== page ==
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For Good

Five community leaders receive Dick Weiland Community Relations Award

Cincinnati Mayor John Cranley helps honor Dick Weiland Community Relations Award winners June 8

Dick Weiland speaks with State Rep. Denise Driehaus at the June 8 awards event


The Jewish Community Relations Council (JCRC) recently honored five honorees of the inaugural Dick Weiland Community Relations Award: Bret Caller, Anne Heldman, Damon Lynch Jr., Francie Hiltz and the Rumpke family. They were recognized at the organization's 76th Annual Meeting June 8 for their work in creating a better community around Greater Cincinnati.

“The idea behind the Weiland Community Relations Award is to recognize community leaders who are working toward building a collaboration amongst diverse groups of people,” says JCRC Director Sarah Weiss. “They work on a variety of issues that strengthen our community.”

The Dick Weiland Community Relations Award was named in honor of local social justice advocate Dick Weiland, who has a been tireless advocate for getting involved within the community. The award also comes with a stipend for each honoree to give to an organization of his or her choosing.

Caller is a co-founder of Viking Partners, where he manages general business activities, new business development and ongoing investor relations as well as directing asset management activities. He serves on the Advisory Board of Directors of BB&T Bank, Foundation Board of Cincinnati Children's Hospital Medical Center and the boards of trustees of the Jewish Federation of Cincinnati, United Way of Greater Cincinnati and Jewish Foundation of Cincinnati.
 
Heldman and her late husband George have been active in Rockdale Temple and Wise Temple. Together with her children, she sponsors a college scholarship through JVS Career Services and supports the Jewish Family Service Barbash Family Vital Support Center. She sponsors the Cincinnati Symphony Orchestra’s Lollipops programming for children as well as other arts organizations.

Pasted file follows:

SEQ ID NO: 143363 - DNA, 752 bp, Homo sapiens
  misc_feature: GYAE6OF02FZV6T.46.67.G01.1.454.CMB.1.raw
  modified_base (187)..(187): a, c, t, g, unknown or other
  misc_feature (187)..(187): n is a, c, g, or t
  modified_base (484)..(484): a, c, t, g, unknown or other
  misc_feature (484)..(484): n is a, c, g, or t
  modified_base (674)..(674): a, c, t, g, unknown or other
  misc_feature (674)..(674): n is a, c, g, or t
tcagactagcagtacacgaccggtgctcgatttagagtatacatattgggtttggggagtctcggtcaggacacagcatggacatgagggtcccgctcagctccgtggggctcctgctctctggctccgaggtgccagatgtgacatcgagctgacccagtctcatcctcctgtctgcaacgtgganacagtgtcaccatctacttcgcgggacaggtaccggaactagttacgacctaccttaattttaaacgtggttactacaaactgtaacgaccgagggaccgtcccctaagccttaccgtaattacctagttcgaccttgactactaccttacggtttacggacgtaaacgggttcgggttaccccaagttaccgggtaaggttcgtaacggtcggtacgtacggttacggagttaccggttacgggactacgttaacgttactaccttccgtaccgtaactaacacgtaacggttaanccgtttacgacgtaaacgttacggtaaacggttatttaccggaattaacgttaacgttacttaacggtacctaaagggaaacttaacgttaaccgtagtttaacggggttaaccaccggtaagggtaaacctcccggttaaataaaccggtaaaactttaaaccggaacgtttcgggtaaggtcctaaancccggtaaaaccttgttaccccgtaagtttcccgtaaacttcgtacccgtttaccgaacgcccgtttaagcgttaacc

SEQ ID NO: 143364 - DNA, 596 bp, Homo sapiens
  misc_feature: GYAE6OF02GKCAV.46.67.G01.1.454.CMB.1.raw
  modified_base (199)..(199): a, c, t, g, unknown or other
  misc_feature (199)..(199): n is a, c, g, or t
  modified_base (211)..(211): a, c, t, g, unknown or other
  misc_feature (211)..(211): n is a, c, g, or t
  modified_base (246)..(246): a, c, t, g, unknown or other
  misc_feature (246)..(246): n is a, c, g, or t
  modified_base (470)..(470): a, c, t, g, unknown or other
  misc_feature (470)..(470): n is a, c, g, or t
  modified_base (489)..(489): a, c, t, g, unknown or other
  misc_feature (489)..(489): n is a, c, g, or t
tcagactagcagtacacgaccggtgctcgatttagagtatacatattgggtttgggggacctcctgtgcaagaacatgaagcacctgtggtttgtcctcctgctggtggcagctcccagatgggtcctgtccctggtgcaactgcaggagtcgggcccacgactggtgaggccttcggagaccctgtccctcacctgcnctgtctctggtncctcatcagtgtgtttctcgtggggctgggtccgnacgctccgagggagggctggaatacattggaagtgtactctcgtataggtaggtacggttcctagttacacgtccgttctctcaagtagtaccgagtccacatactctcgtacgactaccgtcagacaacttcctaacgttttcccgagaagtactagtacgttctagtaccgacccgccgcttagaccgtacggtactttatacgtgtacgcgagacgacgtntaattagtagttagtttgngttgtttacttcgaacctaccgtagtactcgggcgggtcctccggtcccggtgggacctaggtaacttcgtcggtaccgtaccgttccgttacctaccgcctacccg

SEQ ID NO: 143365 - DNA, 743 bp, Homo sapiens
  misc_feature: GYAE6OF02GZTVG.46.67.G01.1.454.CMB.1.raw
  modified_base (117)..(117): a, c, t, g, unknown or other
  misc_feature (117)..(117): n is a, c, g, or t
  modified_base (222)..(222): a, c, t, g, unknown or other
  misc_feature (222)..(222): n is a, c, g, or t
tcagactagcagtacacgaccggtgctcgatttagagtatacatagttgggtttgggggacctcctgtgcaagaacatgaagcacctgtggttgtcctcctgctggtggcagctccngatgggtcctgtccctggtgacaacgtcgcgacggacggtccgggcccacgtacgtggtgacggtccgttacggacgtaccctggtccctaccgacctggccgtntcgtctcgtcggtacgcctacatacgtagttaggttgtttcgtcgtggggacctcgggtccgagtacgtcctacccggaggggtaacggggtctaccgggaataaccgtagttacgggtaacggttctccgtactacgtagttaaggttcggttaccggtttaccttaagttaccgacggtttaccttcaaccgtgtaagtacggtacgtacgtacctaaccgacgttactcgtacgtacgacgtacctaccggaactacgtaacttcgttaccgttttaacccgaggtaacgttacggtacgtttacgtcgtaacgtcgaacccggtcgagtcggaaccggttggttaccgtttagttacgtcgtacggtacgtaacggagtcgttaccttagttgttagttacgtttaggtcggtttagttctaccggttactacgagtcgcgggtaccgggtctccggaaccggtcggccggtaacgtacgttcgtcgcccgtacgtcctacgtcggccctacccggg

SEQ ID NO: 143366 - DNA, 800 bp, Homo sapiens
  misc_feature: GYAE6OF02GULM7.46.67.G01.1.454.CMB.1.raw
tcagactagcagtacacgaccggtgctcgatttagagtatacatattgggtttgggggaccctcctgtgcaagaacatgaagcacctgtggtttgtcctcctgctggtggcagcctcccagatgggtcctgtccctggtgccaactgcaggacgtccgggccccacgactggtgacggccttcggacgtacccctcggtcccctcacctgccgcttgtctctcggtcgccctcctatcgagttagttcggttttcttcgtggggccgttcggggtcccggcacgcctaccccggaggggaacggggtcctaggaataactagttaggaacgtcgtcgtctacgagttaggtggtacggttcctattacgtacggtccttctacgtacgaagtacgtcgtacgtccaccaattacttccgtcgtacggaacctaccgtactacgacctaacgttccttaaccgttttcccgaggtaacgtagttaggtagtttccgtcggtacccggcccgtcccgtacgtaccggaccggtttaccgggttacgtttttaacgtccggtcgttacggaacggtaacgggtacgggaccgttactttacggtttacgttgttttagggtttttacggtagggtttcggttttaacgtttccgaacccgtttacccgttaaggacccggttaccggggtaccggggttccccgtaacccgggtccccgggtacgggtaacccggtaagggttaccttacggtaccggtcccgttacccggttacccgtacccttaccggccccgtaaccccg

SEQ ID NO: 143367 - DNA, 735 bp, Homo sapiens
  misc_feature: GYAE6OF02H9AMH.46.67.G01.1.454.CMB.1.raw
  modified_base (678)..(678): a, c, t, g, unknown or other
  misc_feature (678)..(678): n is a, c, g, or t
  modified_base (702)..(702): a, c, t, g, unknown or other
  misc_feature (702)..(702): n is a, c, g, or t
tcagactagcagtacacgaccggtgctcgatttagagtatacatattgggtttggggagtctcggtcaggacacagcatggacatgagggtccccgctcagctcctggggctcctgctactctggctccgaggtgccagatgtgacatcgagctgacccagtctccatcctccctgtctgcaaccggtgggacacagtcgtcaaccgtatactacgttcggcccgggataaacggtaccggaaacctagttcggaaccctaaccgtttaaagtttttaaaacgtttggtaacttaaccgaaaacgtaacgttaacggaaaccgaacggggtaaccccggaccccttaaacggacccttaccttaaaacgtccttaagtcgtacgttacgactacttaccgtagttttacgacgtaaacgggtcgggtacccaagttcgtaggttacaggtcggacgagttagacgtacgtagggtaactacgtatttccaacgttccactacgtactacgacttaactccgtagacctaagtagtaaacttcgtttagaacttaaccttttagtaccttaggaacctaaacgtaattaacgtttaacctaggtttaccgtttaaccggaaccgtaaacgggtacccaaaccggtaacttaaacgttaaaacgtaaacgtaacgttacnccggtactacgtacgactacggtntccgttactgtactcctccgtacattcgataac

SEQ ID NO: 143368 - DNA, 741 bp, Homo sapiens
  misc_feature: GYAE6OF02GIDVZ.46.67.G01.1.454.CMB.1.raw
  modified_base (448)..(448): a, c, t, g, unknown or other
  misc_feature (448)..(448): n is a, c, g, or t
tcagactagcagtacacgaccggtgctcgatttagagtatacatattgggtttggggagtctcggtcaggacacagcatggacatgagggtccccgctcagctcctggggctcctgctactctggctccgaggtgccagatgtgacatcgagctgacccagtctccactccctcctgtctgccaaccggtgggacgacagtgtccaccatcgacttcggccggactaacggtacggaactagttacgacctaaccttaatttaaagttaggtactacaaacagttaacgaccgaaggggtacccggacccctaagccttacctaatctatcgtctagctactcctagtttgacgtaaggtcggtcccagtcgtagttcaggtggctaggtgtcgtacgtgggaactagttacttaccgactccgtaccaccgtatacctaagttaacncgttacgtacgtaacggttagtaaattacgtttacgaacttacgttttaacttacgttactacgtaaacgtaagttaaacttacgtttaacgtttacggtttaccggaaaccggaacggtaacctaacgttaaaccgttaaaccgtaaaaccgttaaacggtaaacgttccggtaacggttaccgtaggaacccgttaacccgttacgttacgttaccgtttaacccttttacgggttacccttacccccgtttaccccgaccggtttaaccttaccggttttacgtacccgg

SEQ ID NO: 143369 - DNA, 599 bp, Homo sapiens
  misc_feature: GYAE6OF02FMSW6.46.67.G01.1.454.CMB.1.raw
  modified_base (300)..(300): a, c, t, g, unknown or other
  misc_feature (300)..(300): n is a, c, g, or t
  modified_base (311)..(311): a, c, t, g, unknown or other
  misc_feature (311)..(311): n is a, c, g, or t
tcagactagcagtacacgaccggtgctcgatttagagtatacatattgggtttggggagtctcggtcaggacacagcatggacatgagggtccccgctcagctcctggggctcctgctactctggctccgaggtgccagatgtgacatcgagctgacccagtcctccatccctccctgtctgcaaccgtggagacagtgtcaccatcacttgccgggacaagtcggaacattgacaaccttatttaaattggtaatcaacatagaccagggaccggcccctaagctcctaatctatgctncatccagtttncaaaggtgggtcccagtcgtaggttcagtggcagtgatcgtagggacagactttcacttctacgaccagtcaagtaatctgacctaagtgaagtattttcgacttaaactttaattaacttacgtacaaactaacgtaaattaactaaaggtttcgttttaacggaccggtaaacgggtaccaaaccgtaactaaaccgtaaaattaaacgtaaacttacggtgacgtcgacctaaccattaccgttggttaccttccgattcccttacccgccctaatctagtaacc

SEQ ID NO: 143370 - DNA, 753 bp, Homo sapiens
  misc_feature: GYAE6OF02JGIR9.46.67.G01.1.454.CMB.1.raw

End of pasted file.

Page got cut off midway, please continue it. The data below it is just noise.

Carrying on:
Hiltz sits on numerous local boards, including Children's Theatre, Summit Country Day School, Good Samaritan Hospital Foundation, Cincinnati Area Chapter of the American Red Cross and the Schott Center for the Deaf and Handicapped. She is a trustee of the National Underground Railroad Freedom Center, co-chairing the development committee and the capital campaign's major gifts committee.
 
Lynch prepared for ministry by studying at Cincinnati Christian Seminary, where he received a BS degree, and the Graduate Theological Foundation at Notre Dame, where he received an MBA degree. He has been Pastor of New Jerusalem Baptist Church since 1970, after early ministry years working with the giants of the Civil Rights Movement.
 
William Rumpke founded his namesake company near Cincinnati in 1932, and today it provides environmentally friendly waste disposal and recycling solutions in Ohio, Kentucky, Indiana and West Virginia. The family-owned and -operated company employs more than 2,600 people, 75 of whom are family members, and donates hundreds of thousands of dollars to area organizations and charitable causes.

“Cincinnati is blessed with a lot of people who make an impact on our community,” Weiss says. “We should all be proud of that
and get to know each other.”

Do Good:

• If you know someone who does great work in the community and would like to nominate them for next year's award, send Sarah Weiss an email.

• Stay up-to-date with what JCRC activities and events by reading her blog.

• Become involved with your community.
 

Read more articles by Jayna Morris.

Jayna Morris is a contributing writer and editor for Soapbox. Learn more about her at www.jaynabarker.weebly.com.
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